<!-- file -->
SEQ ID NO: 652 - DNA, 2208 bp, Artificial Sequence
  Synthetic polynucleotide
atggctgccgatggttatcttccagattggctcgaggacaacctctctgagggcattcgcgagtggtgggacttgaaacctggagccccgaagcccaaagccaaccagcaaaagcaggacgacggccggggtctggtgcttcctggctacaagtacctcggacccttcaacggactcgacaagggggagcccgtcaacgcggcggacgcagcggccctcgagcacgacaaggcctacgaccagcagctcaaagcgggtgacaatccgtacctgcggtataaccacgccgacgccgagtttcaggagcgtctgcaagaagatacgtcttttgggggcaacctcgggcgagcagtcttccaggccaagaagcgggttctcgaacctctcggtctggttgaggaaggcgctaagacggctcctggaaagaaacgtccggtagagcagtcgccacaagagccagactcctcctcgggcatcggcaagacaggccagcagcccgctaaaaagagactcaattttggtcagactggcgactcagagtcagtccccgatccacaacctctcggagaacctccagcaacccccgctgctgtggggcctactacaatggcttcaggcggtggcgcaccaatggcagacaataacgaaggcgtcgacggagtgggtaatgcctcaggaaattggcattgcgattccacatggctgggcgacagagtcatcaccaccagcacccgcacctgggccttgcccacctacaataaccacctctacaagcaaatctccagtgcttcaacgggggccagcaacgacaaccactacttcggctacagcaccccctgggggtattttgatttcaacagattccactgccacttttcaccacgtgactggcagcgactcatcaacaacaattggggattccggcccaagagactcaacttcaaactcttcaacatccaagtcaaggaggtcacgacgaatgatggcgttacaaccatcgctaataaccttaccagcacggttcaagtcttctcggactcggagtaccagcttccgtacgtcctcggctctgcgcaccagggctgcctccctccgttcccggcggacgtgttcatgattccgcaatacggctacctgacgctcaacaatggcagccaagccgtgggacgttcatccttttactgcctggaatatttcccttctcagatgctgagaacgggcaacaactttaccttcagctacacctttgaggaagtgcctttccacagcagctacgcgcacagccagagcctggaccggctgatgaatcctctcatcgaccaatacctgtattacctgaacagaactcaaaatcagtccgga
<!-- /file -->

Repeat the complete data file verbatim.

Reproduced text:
SEQ ID NO: 652 - DNA, 2208 bp, Artificial Sequence
  Synthetic polynucleotide
atggctgccgatggttatcttccagattggctcgaggacaacctctctgagggcattcgcgagtggtgggacttgaaacctggagccccgaagcccaaagccaaccagcaaaagcaggacgacggccggggtctggtgcttcctggctacaagtacctcggacccttcaacggactcgacaagggggagcccgtcaacgcggcggacgcagcggccctcgagcacgacaaggcctacgaccagcagctcaaagcgggtgacaatccgtacctgcggtataaccacgccgacgccgagtttcaggagcgtctgcaagaagatacgtcttttgggggcaacctcgggcgagcagtcttccaggccaagaagcgggttctcgaacctctcggtctggttgaggaaggcgctaagacggctcctggaaagaaacgtccggtagagcagtcgccacaagagccagactcctcctcgggcatcggcaagacaggccagcagcccgctaaaaagagactcaattttggtcagactggcgactcagagtcagtccccgatccacaacctctcggagaacctccagcaacccccgctgctgtggggcctactacaatggcttcaggcggtggcgcaccaatggcagacaataacgaaggcgtcgacggagtgggtaatgcctcaggaaattggcattgcgattccacatggctgggcgacagagtcatcaccaccagcacccgcacctgggccttgcccacctacaataaccacctctacaagcaaatctccagtgcttcaacgggggccagcaacgacaaccactacttcggctacagcaccccctgggggtattttgatttcaacagattccactgccacttttcaccacgtgactggcagcgactcatcaacaacaattggggattccggcccaagagactcaacttcaaactcttcaacatccaagtcaaggaggtcacgacgaatgatggcgttacaaccatcgctaataaccttaccagcacggttcaagtcttctcggactcggagtaccagcttccgtacgtcctcggctctgcgcaccagggctgcctccctccgttcccggcggacgtgttcatgattccgcaatacggctacctgacgctcaacaatggcagccaagccgtgggacgttcatccttttactgcctggaatatttcccttctcagatgctgagaacgggcaacaactttaccttcagctacacctttgaggaagtgcctttccacagcagctacgcgcacagccagagcctggaccggctgatgaatcctctcatcgaccaatacctgtattacctgaacagaactcaaaatcagtccgga